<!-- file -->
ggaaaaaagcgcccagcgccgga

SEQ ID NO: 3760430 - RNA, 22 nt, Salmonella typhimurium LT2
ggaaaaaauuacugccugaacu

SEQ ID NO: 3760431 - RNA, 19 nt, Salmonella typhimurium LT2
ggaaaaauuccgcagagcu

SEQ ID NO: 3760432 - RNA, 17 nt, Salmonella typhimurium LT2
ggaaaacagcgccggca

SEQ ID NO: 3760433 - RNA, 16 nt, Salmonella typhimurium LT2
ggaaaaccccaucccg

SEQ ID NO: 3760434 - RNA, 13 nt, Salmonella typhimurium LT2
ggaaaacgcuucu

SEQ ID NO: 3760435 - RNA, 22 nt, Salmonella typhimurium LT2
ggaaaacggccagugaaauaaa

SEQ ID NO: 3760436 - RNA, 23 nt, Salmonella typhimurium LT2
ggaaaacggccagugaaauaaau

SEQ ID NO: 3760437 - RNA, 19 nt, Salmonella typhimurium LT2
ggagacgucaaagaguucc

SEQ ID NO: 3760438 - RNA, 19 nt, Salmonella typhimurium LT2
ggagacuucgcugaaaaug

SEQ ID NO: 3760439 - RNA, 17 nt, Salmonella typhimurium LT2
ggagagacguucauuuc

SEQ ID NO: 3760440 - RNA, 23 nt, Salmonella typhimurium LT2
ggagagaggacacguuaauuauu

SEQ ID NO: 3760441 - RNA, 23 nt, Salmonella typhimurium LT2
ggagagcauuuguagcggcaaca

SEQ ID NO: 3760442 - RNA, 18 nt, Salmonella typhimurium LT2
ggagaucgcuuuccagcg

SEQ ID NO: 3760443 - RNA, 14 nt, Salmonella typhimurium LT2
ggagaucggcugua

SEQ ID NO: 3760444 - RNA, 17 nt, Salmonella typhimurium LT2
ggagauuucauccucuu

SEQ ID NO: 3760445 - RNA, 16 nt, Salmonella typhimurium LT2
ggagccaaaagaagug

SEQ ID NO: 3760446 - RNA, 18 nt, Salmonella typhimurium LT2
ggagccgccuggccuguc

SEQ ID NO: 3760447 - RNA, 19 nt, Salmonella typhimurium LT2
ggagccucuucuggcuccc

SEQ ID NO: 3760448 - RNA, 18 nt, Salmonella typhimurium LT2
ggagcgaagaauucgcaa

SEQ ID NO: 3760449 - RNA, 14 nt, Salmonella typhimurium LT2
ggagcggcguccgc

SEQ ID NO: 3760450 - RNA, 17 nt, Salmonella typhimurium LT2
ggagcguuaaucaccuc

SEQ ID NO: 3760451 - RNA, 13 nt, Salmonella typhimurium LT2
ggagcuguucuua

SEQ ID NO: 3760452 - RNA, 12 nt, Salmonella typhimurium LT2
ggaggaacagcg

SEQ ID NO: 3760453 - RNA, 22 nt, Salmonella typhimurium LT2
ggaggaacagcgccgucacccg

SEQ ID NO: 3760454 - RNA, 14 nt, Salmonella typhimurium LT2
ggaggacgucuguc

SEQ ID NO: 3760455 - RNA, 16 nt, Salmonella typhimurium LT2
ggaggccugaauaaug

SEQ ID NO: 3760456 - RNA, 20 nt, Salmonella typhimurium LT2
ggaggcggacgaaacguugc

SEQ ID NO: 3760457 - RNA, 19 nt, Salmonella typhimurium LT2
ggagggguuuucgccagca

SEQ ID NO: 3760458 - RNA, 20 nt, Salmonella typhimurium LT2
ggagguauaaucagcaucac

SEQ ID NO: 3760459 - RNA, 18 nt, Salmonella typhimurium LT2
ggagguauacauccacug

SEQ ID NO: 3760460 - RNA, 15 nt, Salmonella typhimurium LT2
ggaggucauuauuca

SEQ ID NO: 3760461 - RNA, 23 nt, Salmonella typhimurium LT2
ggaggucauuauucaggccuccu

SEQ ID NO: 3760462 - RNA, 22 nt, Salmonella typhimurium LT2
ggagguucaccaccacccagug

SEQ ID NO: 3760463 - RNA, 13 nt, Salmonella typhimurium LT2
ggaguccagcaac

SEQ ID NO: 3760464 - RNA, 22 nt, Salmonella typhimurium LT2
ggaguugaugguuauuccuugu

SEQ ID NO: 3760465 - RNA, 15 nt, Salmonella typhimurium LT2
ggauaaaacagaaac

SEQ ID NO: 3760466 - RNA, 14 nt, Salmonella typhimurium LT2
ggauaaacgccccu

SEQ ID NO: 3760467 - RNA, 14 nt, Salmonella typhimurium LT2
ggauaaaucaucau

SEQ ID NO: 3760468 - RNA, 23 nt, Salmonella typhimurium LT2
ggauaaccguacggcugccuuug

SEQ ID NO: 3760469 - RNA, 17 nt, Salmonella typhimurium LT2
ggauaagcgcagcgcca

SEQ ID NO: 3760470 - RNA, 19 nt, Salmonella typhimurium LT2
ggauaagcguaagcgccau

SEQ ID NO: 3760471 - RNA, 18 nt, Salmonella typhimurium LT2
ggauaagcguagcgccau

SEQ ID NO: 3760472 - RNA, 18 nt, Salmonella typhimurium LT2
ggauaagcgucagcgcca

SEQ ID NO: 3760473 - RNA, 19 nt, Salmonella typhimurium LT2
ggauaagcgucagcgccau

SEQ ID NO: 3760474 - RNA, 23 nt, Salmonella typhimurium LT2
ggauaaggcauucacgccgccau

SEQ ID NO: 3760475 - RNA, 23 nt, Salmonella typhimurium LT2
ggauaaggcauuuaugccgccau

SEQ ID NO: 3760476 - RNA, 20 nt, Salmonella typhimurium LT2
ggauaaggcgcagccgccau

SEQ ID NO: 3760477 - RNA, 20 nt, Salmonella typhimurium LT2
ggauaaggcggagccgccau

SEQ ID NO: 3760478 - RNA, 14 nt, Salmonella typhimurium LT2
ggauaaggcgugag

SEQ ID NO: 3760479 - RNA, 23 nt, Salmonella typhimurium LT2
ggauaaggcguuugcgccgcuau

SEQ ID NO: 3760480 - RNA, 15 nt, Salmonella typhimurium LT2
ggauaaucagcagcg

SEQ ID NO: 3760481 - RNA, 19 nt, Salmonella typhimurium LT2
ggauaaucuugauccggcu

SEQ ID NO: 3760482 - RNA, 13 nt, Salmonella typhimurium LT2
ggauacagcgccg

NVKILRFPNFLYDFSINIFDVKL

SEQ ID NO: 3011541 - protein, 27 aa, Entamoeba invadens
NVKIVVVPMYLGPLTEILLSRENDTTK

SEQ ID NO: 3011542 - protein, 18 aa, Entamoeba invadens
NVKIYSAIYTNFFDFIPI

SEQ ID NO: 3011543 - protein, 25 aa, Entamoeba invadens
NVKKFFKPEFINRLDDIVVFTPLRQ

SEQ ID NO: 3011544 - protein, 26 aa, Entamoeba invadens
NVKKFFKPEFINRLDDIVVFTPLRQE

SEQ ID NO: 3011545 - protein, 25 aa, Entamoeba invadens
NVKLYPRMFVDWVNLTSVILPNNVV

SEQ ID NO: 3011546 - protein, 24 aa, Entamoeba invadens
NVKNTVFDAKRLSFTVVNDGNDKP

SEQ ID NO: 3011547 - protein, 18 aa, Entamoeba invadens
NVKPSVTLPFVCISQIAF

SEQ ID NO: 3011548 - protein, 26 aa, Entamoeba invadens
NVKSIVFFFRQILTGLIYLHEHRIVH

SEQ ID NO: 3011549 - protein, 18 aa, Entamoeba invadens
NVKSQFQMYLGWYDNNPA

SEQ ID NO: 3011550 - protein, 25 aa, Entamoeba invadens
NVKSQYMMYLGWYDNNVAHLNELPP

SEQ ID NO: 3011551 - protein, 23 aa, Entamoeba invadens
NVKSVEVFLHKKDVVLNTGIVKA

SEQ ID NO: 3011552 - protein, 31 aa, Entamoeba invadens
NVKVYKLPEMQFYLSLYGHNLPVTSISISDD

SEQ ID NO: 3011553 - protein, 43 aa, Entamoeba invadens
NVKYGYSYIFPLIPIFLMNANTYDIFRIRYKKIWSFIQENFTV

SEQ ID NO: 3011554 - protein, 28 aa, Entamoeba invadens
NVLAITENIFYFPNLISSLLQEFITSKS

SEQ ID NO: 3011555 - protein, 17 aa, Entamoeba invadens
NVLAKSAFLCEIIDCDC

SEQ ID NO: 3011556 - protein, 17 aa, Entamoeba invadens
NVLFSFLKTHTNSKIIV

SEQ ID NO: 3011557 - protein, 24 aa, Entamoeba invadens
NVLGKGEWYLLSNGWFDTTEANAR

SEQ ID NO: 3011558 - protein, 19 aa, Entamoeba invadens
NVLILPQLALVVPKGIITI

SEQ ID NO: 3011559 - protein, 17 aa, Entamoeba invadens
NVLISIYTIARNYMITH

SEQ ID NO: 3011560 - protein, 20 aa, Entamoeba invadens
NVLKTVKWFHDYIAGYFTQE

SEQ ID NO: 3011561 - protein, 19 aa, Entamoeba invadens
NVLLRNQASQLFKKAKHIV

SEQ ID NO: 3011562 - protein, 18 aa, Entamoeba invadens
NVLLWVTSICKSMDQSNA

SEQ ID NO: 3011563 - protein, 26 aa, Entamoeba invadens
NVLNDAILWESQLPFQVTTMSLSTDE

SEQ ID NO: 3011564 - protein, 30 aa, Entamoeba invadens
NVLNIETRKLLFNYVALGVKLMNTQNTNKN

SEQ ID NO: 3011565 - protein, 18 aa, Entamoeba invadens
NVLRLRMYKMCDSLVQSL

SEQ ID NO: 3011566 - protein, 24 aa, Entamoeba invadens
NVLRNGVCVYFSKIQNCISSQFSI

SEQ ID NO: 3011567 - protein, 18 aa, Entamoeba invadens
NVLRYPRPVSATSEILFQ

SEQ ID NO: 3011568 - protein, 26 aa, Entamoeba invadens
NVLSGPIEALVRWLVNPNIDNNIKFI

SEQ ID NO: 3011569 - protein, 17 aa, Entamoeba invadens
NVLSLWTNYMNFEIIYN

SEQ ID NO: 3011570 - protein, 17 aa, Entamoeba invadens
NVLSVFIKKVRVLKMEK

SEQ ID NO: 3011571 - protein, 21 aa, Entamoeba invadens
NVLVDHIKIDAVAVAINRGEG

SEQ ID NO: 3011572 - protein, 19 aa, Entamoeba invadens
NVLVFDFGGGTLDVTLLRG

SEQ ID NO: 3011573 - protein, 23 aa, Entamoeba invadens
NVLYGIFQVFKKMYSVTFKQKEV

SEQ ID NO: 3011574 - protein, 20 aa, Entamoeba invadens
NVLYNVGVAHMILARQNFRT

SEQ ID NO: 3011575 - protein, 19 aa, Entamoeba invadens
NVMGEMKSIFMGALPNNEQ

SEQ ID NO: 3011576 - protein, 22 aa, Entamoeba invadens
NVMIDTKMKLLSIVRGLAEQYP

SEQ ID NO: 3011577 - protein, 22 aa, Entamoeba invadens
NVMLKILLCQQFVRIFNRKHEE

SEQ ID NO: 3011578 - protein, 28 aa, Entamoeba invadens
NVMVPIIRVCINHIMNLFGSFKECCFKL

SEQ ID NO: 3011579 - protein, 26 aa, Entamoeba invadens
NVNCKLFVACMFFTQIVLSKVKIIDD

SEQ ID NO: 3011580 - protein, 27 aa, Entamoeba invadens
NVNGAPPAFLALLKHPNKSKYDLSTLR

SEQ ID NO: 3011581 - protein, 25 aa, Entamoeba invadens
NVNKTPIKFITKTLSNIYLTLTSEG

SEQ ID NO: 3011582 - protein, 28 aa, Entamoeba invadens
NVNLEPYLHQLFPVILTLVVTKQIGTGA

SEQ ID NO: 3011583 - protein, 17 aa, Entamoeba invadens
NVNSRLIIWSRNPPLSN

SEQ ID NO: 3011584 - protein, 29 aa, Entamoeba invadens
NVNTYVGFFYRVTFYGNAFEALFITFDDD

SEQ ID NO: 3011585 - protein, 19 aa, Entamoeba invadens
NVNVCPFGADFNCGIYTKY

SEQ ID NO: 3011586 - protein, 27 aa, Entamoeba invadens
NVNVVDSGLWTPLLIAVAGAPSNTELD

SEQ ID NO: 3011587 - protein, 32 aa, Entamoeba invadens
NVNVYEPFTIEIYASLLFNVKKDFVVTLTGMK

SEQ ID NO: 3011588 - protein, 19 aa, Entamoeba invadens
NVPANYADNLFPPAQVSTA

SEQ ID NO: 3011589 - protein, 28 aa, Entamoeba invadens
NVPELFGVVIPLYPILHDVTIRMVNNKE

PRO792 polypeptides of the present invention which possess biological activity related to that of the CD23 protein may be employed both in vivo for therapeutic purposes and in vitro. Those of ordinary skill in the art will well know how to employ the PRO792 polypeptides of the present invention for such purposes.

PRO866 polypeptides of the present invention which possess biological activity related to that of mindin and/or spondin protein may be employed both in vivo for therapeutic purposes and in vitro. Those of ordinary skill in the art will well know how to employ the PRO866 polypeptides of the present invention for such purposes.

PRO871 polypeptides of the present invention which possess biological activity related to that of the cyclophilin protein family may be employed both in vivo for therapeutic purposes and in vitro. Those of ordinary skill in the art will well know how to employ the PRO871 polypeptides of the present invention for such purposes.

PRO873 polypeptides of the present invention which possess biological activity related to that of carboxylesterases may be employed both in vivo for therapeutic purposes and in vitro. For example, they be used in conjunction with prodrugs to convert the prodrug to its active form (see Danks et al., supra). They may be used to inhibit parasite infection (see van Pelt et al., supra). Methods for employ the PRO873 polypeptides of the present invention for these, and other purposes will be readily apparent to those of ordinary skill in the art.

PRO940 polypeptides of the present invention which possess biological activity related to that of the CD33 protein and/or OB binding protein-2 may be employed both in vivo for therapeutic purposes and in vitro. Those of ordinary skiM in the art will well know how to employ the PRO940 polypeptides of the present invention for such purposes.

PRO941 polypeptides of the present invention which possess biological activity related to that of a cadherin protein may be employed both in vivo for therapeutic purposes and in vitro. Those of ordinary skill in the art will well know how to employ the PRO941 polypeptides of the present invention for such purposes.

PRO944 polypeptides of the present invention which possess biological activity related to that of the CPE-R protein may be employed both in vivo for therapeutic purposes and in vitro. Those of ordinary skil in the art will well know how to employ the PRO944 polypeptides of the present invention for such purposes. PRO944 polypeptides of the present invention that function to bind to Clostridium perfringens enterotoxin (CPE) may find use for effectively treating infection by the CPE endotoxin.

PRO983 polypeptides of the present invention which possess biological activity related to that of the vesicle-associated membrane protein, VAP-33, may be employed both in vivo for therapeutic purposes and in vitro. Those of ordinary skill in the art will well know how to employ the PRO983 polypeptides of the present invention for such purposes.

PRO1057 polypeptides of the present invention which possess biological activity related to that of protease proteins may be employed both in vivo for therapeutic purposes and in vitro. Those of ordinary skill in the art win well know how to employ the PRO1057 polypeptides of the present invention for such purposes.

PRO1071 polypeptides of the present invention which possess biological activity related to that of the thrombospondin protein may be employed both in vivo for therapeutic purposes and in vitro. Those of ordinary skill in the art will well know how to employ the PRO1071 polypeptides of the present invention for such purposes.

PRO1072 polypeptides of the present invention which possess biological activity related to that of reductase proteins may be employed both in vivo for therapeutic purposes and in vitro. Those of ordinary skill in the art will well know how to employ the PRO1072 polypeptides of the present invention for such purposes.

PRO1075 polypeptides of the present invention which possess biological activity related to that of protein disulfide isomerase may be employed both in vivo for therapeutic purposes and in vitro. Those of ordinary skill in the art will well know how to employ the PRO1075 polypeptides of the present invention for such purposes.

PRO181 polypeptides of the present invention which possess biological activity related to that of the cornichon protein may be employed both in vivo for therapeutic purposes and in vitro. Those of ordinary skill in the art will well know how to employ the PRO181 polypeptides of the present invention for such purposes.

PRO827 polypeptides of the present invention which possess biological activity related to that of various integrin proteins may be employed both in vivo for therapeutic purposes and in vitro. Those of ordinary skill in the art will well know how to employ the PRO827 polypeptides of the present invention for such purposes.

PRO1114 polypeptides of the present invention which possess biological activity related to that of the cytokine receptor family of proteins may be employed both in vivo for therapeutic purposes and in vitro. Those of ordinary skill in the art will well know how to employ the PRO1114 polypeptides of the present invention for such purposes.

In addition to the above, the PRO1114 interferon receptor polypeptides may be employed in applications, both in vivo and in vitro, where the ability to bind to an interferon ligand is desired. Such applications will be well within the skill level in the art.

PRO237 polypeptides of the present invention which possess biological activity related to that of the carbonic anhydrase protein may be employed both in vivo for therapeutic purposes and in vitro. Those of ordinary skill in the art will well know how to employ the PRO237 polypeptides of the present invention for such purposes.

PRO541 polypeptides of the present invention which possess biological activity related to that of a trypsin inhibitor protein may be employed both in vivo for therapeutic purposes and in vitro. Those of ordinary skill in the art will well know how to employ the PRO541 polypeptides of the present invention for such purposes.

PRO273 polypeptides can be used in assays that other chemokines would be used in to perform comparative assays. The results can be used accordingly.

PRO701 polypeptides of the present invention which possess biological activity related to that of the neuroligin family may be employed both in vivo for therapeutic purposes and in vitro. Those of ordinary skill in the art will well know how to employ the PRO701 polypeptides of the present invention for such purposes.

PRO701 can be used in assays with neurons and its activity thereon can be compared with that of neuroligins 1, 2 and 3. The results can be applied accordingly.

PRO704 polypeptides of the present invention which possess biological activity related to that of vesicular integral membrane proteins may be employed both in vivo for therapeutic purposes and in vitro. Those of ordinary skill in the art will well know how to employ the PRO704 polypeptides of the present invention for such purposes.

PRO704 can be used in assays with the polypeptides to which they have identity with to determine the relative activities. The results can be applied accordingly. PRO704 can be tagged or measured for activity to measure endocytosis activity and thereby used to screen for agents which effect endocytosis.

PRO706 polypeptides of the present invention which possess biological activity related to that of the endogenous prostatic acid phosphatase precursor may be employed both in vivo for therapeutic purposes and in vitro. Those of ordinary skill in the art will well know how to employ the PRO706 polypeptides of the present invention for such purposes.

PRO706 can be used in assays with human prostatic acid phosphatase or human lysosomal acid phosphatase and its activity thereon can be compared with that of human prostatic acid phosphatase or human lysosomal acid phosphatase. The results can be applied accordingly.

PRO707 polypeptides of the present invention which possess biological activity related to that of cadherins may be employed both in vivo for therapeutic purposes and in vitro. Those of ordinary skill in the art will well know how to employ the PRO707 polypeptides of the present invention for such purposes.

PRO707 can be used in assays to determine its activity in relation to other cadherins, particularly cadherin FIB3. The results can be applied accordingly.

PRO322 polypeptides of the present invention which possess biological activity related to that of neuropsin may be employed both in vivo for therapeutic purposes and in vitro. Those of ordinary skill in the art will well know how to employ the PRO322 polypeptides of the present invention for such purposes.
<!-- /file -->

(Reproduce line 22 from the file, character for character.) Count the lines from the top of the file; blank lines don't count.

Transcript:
SEQ ID NO: 3760440 - RNA, 23 nt, Salmonella typhimurium LT2